Need for EV Charging Stations Jolts Development
Energy attorney Stephen Humes spoke with Law360 about the growing need for electric vehicle (EV) charging stations and its impact on real estate. President Joe Biden has expressed a goal of building 500,000 EV charging stations across the country by 2030. In this article, real estate and infrastructure attorneys explained the hurdles facing the Biden Administration, including utility upgrades, state and local regulation, zoning and planning approvals and funding. Mr. Humes specifically highlighted the aging utility infrastructure in the United States.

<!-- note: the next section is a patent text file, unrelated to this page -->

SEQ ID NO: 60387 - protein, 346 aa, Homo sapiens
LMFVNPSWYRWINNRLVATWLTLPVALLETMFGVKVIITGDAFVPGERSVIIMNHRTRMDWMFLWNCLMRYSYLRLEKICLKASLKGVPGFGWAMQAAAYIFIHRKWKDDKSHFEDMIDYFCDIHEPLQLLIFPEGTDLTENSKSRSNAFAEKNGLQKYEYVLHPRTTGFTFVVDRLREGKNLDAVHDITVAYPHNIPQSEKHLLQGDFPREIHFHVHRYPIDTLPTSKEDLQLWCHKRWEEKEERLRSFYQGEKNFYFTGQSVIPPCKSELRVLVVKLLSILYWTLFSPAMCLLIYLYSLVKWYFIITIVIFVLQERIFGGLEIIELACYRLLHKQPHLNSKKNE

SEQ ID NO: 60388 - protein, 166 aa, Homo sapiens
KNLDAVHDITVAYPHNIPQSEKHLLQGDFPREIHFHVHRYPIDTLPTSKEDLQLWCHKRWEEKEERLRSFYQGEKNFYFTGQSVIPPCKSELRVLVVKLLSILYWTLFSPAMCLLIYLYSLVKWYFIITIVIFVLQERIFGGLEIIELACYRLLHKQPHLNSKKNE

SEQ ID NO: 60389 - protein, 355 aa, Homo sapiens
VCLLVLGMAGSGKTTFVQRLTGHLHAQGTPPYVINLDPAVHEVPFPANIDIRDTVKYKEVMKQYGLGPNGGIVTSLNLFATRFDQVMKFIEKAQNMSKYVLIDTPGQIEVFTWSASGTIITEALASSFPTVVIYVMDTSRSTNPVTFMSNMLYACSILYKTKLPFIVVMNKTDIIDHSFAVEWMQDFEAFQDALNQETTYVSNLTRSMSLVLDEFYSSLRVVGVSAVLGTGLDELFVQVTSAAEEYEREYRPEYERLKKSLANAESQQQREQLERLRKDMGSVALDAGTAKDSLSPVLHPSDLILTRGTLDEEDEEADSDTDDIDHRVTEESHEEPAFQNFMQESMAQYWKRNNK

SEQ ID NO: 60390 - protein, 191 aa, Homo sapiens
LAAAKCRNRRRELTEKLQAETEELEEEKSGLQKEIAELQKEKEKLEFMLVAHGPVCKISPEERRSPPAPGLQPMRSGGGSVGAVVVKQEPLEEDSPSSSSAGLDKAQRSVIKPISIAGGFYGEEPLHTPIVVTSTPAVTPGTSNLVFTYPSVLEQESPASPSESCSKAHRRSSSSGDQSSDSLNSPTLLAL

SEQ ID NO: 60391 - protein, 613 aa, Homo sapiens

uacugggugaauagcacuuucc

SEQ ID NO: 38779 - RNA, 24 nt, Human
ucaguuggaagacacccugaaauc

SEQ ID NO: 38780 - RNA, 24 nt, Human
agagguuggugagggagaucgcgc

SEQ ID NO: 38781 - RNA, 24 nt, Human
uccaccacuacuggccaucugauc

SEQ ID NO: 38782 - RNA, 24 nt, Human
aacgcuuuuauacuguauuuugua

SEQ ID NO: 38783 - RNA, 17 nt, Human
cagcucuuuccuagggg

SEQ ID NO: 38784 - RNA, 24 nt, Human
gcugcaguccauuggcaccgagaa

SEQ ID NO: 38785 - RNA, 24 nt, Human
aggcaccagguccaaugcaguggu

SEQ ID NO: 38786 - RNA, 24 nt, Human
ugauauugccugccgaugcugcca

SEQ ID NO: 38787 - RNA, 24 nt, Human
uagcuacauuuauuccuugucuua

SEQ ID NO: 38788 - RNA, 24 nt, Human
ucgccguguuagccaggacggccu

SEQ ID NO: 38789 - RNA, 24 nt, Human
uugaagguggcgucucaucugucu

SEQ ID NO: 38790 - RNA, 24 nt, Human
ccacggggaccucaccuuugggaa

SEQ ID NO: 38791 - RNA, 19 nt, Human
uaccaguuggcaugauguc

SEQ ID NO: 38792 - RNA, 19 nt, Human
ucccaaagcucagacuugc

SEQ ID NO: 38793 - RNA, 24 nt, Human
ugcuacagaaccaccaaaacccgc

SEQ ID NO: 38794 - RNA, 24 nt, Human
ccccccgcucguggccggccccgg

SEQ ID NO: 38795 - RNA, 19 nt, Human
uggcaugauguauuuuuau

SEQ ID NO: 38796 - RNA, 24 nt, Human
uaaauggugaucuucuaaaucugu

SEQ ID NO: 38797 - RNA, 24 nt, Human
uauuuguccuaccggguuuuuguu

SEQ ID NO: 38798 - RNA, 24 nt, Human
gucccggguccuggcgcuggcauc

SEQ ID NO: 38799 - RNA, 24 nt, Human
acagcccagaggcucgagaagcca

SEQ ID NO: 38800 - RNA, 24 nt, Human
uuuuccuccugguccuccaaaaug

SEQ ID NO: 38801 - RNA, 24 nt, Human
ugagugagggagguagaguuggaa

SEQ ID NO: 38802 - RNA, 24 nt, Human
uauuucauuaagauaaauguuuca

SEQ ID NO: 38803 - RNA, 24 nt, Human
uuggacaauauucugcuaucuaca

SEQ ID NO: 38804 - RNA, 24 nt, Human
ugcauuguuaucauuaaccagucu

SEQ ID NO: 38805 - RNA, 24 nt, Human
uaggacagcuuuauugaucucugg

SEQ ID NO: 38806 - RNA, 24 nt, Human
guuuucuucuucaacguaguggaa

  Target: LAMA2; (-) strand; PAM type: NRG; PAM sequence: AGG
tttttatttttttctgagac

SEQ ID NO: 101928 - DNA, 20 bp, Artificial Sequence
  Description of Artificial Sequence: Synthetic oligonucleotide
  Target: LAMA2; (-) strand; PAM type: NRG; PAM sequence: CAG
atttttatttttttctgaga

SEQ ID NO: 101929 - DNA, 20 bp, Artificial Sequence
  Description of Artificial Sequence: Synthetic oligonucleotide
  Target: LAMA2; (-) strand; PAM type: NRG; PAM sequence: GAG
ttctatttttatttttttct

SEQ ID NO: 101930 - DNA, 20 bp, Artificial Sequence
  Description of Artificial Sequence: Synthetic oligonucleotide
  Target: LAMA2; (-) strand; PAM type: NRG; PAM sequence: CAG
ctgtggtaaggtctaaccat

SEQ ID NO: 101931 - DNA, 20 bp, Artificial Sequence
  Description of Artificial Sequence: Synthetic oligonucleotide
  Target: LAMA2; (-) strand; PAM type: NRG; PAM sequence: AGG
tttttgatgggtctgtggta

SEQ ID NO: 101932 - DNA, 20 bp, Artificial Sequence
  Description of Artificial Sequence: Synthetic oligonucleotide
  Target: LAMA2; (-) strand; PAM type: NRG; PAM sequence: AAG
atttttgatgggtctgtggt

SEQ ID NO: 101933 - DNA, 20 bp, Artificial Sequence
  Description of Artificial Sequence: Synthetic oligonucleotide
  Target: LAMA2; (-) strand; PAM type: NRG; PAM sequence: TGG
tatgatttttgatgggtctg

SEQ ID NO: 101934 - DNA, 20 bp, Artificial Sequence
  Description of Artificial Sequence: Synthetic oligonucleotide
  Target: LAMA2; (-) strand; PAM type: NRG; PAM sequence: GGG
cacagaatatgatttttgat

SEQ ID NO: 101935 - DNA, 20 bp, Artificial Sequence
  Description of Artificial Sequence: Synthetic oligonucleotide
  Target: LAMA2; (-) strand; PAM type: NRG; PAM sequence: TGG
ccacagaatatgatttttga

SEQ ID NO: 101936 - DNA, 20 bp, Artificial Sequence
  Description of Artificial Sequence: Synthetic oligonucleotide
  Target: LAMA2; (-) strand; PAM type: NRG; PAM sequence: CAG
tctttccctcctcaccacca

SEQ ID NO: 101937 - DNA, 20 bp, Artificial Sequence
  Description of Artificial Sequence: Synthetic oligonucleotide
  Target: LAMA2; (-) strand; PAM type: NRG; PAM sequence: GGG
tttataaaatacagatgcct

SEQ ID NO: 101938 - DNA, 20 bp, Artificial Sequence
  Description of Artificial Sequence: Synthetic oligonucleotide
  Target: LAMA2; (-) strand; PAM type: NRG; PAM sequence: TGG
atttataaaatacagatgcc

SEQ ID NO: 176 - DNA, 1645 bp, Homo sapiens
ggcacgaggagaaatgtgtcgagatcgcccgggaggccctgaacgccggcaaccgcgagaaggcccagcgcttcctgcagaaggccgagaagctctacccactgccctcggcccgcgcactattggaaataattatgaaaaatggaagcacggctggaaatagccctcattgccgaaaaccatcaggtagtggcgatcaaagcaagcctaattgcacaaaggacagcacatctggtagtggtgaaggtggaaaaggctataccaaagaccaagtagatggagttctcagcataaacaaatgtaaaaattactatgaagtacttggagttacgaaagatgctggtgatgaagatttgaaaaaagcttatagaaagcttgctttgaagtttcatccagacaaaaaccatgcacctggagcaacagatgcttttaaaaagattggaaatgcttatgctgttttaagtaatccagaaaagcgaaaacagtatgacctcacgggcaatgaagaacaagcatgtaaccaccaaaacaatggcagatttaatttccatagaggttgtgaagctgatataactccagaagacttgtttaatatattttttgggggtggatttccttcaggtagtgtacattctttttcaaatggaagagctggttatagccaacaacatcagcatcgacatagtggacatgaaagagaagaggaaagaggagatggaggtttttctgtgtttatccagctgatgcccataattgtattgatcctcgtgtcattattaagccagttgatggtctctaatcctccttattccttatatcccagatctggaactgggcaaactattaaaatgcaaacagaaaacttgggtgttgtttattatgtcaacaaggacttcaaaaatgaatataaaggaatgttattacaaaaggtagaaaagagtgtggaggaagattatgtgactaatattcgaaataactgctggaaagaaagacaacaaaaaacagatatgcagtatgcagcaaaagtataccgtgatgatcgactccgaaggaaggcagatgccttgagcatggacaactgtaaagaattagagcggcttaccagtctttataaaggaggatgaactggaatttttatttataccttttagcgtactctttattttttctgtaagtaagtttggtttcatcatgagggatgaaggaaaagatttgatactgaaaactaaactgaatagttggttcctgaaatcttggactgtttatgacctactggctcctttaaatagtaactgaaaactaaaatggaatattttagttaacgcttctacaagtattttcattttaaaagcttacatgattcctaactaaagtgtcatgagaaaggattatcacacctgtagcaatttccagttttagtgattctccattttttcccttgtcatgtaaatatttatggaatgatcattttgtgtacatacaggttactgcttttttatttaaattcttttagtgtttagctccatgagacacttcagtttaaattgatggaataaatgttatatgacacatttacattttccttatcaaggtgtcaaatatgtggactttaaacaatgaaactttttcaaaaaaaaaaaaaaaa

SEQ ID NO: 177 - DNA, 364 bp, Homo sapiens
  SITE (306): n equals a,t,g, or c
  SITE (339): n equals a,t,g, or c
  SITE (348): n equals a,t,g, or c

If a developer is expanding installation of the D.C. fast chargers, electric utilities often need to build up their distribution infrastructure to support that, he said, which comes at a significant cost. Some property owners have successfully argued that charging-point access serves a public purpose and have cost-shared with the utility, while others are still in a gray area of regulation and which party should bear the brunt of the financial outlay.
"When it comes to open public parking areas or transit locations where there's a high volume of charging, that cost for the [infrastructure] either has to be borne by the developer or the electric utility, and if they're given the proper rate incentives to do it, they're usually willing to do it if they can recover the costs," said Mr. Humes. "It comes down to the state legislature to make those investments to support the EV charging backbone."
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